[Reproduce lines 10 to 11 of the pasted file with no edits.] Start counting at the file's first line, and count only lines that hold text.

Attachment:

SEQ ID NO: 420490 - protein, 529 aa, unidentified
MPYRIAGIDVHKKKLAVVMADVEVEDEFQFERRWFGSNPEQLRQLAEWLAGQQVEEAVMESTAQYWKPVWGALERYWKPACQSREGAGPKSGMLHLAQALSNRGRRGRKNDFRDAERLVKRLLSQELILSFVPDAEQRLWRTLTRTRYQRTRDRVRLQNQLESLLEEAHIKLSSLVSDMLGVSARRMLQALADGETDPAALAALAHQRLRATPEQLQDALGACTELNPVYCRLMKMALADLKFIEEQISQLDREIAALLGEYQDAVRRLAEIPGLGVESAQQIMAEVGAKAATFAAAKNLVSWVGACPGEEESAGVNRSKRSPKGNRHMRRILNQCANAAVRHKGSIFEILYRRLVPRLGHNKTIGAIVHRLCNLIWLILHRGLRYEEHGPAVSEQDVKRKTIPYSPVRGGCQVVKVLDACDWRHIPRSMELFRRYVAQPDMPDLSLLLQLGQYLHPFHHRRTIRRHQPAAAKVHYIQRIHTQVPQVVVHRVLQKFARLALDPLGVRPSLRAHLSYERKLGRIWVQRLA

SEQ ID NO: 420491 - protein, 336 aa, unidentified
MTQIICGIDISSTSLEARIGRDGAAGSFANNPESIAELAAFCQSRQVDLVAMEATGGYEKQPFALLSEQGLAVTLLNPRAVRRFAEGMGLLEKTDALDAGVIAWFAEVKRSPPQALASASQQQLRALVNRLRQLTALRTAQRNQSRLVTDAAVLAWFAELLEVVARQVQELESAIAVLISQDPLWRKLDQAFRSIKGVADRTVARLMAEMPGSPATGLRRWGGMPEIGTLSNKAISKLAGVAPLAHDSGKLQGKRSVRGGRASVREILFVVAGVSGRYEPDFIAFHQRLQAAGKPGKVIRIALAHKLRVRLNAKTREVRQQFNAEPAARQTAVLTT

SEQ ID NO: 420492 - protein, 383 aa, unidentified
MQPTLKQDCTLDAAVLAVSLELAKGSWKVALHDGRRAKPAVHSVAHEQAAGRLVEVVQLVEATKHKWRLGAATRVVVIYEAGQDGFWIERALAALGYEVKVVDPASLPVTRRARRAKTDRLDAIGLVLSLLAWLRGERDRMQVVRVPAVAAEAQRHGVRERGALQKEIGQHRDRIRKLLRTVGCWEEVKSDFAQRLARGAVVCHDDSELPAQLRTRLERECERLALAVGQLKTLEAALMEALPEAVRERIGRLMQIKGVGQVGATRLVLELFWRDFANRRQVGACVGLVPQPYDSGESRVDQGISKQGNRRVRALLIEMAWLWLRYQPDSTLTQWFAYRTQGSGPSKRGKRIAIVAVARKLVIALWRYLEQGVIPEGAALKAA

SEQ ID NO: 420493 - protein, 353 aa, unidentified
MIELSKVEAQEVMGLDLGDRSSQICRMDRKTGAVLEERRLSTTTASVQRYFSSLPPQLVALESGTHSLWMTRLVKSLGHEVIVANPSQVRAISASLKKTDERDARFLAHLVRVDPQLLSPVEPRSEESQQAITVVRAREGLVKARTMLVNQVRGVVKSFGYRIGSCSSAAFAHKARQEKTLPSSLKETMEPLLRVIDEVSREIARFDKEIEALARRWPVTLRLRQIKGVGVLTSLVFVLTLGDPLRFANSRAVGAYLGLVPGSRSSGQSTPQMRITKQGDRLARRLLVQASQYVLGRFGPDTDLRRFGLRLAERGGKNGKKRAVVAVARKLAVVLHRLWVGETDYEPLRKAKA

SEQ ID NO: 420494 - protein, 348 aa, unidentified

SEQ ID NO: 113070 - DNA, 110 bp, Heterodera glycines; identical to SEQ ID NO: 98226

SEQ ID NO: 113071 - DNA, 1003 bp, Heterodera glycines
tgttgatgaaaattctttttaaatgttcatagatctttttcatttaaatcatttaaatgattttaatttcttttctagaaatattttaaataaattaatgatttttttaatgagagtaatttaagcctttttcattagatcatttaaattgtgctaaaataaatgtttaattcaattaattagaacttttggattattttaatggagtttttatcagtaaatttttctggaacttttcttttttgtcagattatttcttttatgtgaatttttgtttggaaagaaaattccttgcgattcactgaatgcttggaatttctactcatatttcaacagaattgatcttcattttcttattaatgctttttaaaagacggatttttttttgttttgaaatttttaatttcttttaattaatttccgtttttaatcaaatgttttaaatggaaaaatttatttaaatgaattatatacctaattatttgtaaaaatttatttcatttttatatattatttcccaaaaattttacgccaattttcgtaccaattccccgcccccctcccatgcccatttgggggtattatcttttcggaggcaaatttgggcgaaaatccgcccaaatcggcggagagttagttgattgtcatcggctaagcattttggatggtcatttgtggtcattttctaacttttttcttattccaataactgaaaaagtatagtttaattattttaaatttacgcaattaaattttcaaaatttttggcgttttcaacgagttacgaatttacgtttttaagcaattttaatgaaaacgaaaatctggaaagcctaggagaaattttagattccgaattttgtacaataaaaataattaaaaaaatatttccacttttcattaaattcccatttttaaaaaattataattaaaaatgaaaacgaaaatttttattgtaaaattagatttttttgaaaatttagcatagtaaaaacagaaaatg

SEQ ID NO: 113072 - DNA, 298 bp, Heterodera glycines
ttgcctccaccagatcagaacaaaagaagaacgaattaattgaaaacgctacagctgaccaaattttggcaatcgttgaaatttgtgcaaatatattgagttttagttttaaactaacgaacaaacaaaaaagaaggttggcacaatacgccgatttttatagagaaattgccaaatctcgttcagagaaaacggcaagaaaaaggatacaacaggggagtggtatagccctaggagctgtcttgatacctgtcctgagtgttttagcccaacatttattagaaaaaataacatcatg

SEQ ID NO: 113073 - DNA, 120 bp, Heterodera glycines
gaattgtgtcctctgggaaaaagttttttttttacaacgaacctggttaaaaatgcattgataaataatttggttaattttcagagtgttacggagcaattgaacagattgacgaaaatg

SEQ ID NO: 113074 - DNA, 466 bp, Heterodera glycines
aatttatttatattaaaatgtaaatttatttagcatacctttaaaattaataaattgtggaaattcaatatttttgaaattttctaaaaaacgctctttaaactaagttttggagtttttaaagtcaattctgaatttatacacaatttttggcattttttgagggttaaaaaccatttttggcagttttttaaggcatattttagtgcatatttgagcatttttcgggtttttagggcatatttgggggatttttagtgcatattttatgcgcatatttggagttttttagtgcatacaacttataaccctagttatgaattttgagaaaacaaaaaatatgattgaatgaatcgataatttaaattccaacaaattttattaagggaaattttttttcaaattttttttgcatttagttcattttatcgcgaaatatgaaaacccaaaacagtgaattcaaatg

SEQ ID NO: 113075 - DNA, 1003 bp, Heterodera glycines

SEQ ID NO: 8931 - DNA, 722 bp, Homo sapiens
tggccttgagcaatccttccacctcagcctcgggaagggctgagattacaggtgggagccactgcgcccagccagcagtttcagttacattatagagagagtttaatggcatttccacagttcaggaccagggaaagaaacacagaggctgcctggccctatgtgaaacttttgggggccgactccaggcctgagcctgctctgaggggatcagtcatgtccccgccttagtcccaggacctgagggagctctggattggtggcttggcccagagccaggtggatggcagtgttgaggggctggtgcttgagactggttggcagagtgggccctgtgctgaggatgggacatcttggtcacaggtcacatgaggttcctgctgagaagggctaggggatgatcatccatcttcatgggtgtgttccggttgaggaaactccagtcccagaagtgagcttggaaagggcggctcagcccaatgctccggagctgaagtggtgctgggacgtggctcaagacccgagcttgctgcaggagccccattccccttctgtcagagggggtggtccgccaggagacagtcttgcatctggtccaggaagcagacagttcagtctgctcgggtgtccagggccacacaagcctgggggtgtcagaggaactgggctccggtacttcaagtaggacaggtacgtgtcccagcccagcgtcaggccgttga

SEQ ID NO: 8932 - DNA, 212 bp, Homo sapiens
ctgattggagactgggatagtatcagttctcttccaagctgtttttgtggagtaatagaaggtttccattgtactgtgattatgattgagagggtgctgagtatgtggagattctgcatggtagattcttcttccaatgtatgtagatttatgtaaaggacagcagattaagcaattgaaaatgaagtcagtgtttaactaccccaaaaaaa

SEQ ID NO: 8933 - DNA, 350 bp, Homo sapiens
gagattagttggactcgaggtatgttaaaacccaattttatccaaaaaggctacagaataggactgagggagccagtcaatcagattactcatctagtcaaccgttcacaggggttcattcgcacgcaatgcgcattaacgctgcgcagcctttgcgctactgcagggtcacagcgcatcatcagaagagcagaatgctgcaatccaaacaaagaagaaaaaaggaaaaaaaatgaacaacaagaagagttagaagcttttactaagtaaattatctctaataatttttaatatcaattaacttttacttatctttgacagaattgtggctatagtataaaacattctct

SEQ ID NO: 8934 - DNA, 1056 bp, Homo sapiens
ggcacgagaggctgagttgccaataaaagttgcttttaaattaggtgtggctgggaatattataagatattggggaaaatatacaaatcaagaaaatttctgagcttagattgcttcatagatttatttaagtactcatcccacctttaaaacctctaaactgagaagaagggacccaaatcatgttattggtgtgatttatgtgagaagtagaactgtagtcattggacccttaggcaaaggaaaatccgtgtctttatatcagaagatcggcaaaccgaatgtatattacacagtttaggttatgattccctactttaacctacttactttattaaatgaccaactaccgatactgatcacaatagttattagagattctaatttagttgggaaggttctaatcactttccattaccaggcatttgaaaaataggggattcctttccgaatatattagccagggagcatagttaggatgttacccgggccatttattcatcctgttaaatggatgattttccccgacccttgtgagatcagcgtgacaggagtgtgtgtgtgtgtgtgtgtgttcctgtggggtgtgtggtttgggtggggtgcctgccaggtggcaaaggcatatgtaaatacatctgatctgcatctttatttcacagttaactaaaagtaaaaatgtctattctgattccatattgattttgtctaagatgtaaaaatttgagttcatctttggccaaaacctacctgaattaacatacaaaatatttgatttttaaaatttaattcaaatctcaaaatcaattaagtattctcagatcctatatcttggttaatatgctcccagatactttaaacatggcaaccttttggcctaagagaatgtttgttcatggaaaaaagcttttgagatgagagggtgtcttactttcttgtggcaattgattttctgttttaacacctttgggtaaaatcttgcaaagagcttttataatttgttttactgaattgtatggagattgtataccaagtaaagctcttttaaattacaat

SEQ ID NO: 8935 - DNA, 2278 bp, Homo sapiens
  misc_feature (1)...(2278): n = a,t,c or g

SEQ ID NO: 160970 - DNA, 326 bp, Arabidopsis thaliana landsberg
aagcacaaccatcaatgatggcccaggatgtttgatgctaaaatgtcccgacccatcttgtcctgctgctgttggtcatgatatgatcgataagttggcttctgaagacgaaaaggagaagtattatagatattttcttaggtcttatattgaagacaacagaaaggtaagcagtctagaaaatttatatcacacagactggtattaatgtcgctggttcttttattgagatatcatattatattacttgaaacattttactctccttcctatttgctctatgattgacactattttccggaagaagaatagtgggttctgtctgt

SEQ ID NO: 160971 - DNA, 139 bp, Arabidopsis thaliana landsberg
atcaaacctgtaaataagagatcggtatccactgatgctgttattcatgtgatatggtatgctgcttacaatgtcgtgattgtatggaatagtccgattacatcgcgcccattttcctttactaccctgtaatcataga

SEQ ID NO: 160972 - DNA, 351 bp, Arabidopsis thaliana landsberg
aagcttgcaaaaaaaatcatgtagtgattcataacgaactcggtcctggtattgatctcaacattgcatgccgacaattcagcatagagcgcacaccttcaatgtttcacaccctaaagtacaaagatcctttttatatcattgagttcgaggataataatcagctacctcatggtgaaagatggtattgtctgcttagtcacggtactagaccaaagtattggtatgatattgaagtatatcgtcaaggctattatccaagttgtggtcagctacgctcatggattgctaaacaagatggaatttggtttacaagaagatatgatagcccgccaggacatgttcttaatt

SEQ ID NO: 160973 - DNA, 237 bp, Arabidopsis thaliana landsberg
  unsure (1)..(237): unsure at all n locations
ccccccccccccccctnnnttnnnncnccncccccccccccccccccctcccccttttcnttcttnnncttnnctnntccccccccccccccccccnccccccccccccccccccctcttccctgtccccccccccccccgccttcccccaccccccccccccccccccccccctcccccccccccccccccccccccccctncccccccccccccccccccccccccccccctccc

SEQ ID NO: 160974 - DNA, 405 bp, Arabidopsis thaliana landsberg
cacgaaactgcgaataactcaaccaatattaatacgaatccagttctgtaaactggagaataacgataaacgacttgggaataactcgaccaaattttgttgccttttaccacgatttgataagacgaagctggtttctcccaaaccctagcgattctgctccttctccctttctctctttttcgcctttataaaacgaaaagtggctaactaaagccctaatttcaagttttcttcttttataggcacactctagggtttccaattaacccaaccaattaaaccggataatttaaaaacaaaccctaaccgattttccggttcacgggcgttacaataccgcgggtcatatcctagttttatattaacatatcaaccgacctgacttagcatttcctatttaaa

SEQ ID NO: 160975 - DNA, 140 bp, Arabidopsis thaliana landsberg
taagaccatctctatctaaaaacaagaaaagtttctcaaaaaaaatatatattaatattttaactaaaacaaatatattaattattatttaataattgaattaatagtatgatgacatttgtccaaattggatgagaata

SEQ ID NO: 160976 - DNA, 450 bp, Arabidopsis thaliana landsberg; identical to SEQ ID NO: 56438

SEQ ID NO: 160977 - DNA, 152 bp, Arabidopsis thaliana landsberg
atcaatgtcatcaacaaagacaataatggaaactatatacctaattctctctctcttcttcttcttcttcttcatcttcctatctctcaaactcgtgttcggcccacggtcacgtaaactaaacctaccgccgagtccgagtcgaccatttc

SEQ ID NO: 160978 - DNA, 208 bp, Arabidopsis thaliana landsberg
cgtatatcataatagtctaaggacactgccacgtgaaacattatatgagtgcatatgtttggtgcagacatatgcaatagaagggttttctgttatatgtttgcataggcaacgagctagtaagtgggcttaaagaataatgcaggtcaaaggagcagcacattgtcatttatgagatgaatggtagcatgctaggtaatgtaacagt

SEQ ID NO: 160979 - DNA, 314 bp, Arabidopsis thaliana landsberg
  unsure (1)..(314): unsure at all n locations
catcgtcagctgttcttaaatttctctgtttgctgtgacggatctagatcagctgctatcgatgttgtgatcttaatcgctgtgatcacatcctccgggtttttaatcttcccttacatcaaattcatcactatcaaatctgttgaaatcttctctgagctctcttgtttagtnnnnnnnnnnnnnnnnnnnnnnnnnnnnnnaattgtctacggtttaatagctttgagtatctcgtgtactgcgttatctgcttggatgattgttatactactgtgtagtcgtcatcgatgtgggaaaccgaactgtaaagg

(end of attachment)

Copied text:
SEQ ID NO: 113070 - DNA, 110 bp, Heterodera glycines; identical to SEQ ID NO: 98226

SEQ ID NO: 113071 - DNA, 1003 bp, Heterodera glycines